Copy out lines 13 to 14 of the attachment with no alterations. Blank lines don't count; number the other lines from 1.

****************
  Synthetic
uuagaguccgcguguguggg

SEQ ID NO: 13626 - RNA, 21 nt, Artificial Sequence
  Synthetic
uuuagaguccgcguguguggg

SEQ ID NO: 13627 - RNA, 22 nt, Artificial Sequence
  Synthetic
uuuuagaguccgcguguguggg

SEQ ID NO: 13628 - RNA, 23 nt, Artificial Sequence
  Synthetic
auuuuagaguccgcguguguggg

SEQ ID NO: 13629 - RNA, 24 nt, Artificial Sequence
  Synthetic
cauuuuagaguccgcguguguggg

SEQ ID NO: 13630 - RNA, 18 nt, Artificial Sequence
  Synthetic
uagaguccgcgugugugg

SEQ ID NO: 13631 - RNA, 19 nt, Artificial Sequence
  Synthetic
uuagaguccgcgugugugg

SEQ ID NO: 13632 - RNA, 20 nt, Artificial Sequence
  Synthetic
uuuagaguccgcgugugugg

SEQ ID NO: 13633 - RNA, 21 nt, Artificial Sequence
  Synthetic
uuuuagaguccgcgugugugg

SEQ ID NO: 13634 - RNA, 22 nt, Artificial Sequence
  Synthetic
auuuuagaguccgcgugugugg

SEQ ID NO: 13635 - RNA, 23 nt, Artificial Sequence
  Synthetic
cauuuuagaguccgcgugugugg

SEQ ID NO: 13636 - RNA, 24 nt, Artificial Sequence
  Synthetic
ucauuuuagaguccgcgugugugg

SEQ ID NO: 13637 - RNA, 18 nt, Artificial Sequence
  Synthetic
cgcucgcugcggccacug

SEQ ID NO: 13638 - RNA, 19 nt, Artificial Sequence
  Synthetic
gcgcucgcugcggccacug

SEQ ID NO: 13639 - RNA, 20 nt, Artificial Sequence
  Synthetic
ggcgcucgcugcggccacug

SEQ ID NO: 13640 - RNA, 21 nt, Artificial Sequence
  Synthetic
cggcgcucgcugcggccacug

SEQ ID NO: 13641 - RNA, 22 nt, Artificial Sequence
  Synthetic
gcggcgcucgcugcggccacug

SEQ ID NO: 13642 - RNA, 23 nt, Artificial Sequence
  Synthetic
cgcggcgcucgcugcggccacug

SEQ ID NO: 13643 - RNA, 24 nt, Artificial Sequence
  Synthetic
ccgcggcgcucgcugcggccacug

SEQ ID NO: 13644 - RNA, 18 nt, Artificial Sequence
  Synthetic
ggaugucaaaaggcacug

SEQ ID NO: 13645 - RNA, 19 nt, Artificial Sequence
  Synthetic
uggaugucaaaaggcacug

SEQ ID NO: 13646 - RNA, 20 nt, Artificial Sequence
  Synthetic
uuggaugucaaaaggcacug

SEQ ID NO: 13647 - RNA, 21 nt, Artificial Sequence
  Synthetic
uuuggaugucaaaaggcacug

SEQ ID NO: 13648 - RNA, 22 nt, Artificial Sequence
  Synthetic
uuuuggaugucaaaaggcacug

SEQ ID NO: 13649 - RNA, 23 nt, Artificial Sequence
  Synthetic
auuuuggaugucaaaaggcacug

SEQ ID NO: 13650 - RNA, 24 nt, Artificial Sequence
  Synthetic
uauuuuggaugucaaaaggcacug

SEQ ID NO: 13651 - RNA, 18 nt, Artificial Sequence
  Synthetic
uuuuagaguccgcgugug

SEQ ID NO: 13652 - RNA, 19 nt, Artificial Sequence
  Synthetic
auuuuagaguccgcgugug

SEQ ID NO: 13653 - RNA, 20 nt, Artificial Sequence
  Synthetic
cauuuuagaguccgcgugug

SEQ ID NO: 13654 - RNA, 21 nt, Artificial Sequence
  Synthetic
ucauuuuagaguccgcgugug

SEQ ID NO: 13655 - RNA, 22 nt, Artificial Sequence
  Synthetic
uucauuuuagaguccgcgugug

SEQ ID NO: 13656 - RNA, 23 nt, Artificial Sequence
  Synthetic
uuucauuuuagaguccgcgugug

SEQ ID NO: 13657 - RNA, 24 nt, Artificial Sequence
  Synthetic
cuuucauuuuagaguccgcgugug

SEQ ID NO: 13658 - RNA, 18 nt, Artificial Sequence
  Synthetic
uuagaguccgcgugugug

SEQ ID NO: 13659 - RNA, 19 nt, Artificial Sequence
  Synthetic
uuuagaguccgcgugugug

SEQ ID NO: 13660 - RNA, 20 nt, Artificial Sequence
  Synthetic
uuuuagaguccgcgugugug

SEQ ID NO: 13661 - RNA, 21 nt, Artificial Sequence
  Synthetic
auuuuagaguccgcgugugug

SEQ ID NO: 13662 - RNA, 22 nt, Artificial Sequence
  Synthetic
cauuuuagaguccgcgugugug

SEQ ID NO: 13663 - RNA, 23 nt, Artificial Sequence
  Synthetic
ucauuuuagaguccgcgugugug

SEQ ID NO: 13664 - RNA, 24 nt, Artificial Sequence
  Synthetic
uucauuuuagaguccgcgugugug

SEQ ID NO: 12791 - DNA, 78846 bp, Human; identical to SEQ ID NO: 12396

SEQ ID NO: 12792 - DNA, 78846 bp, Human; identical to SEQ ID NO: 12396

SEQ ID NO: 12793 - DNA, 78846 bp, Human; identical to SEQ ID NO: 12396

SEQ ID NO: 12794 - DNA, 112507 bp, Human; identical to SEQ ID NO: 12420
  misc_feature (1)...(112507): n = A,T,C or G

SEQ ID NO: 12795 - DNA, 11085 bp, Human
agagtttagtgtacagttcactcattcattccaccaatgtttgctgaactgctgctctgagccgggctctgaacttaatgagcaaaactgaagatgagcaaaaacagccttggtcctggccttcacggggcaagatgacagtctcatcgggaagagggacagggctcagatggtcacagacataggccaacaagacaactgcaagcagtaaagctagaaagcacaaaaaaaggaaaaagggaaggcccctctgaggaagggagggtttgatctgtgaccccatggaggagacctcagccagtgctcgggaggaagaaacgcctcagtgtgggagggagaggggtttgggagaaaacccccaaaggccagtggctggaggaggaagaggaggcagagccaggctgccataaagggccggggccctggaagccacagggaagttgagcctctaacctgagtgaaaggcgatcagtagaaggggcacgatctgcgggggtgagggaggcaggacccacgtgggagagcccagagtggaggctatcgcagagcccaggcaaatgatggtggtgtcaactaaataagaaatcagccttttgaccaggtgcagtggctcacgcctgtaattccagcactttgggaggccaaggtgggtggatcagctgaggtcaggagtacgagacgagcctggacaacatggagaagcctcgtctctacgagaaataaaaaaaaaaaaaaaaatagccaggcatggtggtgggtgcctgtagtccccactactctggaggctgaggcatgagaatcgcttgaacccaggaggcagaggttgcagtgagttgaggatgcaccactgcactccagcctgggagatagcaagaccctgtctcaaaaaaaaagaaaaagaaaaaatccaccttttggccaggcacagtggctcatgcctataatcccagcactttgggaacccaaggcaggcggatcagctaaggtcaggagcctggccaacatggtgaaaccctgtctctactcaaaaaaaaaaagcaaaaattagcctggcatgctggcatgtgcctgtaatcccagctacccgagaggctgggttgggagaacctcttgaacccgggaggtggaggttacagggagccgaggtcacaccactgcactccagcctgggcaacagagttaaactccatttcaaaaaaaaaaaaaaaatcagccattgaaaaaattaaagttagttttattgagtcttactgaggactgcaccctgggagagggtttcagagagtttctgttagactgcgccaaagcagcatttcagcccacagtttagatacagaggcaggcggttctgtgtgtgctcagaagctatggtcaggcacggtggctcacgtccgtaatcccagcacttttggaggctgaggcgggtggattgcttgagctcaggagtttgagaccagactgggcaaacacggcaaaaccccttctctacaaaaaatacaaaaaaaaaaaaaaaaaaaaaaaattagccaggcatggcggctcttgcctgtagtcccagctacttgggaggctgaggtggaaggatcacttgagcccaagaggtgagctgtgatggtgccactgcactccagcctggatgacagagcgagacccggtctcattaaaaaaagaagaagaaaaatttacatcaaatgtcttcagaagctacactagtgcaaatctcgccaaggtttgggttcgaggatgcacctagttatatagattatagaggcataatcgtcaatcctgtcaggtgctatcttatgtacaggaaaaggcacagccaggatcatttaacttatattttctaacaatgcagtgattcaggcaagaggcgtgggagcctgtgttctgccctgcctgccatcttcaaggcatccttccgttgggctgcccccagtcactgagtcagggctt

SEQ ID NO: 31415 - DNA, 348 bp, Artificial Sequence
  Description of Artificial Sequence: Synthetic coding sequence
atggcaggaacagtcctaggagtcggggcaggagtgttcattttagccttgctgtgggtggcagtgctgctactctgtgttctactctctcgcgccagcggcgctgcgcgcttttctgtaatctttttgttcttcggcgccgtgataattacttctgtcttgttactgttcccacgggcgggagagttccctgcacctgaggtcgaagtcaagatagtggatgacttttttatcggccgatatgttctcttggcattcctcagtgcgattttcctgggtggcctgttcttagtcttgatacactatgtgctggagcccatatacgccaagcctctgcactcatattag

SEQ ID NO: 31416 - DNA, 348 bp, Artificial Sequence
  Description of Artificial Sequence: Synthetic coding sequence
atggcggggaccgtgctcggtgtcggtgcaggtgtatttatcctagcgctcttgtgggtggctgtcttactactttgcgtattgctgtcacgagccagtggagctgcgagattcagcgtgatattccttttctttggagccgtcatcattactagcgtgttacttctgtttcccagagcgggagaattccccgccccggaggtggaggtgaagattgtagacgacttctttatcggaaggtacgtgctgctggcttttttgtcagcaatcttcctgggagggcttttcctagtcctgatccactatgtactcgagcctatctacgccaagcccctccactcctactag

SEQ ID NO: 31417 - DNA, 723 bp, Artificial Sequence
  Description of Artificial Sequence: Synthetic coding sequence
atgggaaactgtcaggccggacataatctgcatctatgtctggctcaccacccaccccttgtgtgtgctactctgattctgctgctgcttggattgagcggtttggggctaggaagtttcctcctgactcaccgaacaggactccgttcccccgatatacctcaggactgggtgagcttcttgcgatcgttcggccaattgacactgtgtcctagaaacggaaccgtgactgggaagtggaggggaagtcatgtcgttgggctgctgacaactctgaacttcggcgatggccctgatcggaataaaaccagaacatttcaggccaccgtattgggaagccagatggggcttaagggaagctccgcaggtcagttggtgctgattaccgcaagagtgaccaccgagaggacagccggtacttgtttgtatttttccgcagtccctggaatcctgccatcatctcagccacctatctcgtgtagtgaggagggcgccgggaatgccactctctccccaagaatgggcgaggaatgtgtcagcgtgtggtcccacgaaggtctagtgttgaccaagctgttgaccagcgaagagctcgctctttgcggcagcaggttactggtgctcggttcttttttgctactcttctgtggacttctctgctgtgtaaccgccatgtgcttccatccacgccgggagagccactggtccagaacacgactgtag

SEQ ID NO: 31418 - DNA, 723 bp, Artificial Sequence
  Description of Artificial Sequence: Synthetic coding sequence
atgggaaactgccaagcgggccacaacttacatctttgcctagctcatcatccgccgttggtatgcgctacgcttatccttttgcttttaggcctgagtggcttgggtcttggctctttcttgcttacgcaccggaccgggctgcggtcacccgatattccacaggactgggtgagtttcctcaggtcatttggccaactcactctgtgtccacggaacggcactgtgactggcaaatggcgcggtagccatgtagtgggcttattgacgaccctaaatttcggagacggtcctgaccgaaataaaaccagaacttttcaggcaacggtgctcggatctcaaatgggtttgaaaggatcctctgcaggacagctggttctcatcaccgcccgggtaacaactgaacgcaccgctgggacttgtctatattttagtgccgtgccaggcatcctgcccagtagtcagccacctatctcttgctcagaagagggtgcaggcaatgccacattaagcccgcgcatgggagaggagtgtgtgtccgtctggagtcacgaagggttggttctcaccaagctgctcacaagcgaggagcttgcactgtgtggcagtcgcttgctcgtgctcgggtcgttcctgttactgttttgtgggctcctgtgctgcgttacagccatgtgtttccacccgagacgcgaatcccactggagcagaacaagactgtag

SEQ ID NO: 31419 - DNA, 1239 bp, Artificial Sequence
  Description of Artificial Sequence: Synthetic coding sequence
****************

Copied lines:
  Synthetic
cauuuuagaguccgcguguguggg